Bank of England fines Citi £44m over reporting failures
Highest ever levy imposed for ‘significant errors’
Citi made a series of significant errors between 2014 and 2018, including “six substantive matters which had a material or potentially material impact on the returns”.
Citigroup’s UK operations have been hit with a £44 million (€51.45 million) fine, the highest ever from the Bank of England (BoE), after it made “significant errors” in reporting its capital and liquidity positions over a four-year period.
Citi’s framework for reporting its capital and leverage was inadequate, with patchy documentation and without proper resourcing, leaving the BoE with an incomplete view of the Wall Street bank’s financial health, the BoE’s Prudential Regulation Authority said in a statement on Tuesday. The authority oversees the largest lenders and insurers in the UK.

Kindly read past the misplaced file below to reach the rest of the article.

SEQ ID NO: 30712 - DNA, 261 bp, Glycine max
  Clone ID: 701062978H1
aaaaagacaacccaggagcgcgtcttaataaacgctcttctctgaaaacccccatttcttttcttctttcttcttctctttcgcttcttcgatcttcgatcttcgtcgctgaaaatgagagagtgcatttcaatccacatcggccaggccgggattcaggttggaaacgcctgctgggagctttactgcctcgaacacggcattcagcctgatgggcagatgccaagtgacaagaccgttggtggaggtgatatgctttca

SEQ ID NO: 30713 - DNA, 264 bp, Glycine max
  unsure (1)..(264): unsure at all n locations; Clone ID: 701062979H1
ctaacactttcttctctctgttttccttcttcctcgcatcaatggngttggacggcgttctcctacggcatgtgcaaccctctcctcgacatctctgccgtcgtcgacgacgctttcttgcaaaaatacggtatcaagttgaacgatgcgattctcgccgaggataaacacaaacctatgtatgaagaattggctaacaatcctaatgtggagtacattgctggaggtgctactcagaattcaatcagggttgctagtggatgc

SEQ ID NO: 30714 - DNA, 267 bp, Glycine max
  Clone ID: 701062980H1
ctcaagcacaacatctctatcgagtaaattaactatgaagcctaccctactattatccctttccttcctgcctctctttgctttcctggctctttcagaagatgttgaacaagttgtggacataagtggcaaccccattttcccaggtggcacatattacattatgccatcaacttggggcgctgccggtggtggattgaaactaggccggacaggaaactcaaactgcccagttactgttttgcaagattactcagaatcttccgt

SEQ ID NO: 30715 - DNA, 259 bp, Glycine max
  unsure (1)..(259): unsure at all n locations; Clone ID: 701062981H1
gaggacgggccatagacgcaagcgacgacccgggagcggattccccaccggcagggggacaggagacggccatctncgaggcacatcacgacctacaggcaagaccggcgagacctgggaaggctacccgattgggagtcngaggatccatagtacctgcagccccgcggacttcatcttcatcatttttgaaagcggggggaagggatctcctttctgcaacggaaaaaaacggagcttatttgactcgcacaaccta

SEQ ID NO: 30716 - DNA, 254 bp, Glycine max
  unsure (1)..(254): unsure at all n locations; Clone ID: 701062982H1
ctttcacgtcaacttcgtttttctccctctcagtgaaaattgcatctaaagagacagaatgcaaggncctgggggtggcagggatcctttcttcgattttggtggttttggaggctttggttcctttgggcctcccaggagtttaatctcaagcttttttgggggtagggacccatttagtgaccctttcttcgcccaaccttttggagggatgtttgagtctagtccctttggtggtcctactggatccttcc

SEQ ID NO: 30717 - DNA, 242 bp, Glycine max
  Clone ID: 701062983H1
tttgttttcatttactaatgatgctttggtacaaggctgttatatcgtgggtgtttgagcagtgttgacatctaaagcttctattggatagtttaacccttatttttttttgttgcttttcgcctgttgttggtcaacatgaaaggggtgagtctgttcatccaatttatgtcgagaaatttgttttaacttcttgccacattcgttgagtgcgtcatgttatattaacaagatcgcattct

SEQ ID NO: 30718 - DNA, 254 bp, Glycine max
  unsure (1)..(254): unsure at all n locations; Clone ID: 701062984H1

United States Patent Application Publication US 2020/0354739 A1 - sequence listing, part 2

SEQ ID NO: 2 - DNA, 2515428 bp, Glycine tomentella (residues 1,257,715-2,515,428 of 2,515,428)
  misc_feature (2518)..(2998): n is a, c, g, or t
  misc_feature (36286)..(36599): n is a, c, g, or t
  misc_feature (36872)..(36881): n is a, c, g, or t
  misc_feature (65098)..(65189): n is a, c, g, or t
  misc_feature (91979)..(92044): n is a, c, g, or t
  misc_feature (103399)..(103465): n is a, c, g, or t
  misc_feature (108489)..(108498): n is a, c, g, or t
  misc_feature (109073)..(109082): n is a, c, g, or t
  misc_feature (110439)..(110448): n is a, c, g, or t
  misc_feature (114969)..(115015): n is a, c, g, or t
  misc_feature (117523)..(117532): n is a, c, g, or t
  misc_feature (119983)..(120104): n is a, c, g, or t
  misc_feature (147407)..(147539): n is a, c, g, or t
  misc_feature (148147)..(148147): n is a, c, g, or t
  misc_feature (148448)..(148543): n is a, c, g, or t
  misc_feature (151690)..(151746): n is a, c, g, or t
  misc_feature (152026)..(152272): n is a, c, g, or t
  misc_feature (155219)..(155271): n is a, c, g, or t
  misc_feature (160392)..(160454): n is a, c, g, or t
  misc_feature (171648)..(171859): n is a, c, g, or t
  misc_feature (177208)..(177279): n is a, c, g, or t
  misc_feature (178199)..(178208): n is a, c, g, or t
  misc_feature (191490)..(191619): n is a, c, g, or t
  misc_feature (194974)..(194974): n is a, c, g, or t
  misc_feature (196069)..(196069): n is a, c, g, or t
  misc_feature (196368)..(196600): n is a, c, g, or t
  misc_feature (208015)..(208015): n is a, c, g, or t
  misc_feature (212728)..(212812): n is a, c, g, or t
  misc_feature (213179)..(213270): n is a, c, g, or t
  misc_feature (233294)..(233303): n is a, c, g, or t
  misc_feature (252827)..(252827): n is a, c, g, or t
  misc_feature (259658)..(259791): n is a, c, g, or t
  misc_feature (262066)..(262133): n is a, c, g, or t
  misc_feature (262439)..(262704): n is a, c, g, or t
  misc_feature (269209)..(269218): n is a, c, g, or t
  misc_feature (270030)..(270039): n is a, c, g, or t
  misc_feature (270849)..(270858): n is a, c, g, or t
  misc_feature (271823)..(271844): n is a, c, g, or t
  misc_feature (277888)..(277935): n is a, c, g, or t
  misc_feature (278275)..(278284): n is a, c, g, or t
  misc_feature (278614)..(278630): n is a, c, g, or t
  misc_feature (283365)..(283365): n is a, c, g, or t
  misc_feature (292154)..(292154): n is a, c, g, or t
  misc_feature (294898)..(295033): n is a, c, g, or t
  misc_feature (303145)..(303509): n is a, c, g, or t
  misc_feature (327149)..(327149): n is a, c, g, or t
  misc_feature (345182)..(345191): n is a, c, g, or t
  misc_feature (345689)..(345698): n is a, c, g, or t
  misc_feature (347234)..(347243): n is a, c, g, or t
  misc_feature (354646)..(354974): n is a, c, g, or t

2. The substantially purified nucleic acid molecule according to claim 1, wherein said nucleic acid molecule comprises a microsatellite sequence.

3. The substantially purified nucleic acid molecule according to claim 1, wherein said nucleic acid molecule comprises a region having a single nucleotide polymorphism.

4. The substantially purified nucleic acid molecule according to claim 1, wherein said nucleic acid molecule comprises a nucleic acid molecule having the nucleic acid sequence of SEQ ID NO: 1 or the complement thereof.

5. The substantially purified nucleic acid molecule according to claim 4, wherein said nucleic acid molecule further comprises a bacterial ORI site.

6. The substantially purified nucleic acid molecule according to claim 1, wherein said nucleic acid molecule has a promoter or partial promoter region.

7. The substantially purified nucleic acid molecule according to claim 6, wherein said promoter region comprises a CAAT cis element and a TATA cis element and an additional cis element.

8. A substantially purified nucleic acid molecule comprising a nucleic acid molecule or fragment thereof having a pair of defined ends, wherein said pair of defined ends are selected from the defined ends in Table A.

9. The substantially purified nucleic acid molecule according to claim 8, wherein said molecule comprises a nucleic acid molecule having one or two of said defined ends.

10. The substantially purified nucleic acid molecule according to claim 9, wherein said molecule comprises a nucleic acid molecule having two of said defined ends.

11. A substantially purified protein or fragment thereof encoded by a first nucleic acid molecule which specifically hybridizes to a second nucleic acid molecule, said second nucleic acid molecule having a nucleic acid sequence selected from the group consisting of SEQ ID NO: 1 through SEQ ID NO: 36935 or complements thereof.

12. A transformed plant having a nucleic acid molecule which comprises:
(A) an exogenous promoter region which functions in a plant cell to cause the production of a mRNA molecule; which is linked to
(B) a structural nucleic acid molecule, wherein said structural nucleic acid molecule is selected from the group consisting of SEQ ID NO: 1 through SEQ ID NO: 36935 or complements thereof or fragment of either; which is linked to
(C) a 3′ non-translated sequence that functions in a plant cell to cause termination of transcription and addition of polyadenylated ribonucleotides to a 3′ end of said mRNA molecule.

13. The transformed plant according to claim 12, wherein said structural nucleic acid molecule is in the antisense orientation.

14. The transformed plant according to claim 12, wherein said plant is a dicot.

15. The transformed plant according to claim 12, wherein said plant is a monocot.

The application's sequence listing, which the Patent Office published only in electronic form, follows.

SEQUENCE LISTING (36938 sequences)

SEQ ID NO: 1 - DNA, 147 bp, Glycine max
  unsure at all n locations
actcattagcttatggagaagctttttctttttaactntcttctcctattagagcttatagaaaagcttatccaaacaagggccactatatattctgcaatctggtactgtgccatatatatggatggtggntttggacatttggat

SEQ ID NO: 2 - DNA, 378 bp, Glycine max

Citi made a series of significant errors between 2014 and 2018, including “six substantive matters which had a material or potentially material impact on the returns,” according to the BoE, which added that the lender remained in surplus to its capital and liquidity requirements at all times.
Sam Woods, the authority’s chief executive, said: “Citi failed to deliver accurate returns and failed to meet the standards of governance and oversight of regulatory reporting which we expect of a systemically important bank.”
Citi co-operated with the authority and settled at the earliest opportunity, therefore qualifying for a 30 per cent discount on a fine that would have otherwise been £63 million.
The combined fine was levied at three of its UK units: Citigroup Global Markets, Citibank NA London branch, and Citibank Europe Plc UK branch.
The US bank said in a statement: “Citi places a high priority on meeting its regulatory reporting requirements, and has devoted significant resources to UK financial reporting before, during and after the period to which the PRA’s notice relates.”
“The PRA acknowledges that Citi has made substantial strategic enhancements to its regulatory reporting infrastructure in the UK, and has also conducted a review of the systems and controls underpinning its regulatory reporting framework.” – Copyright The Financial Times Limited 2019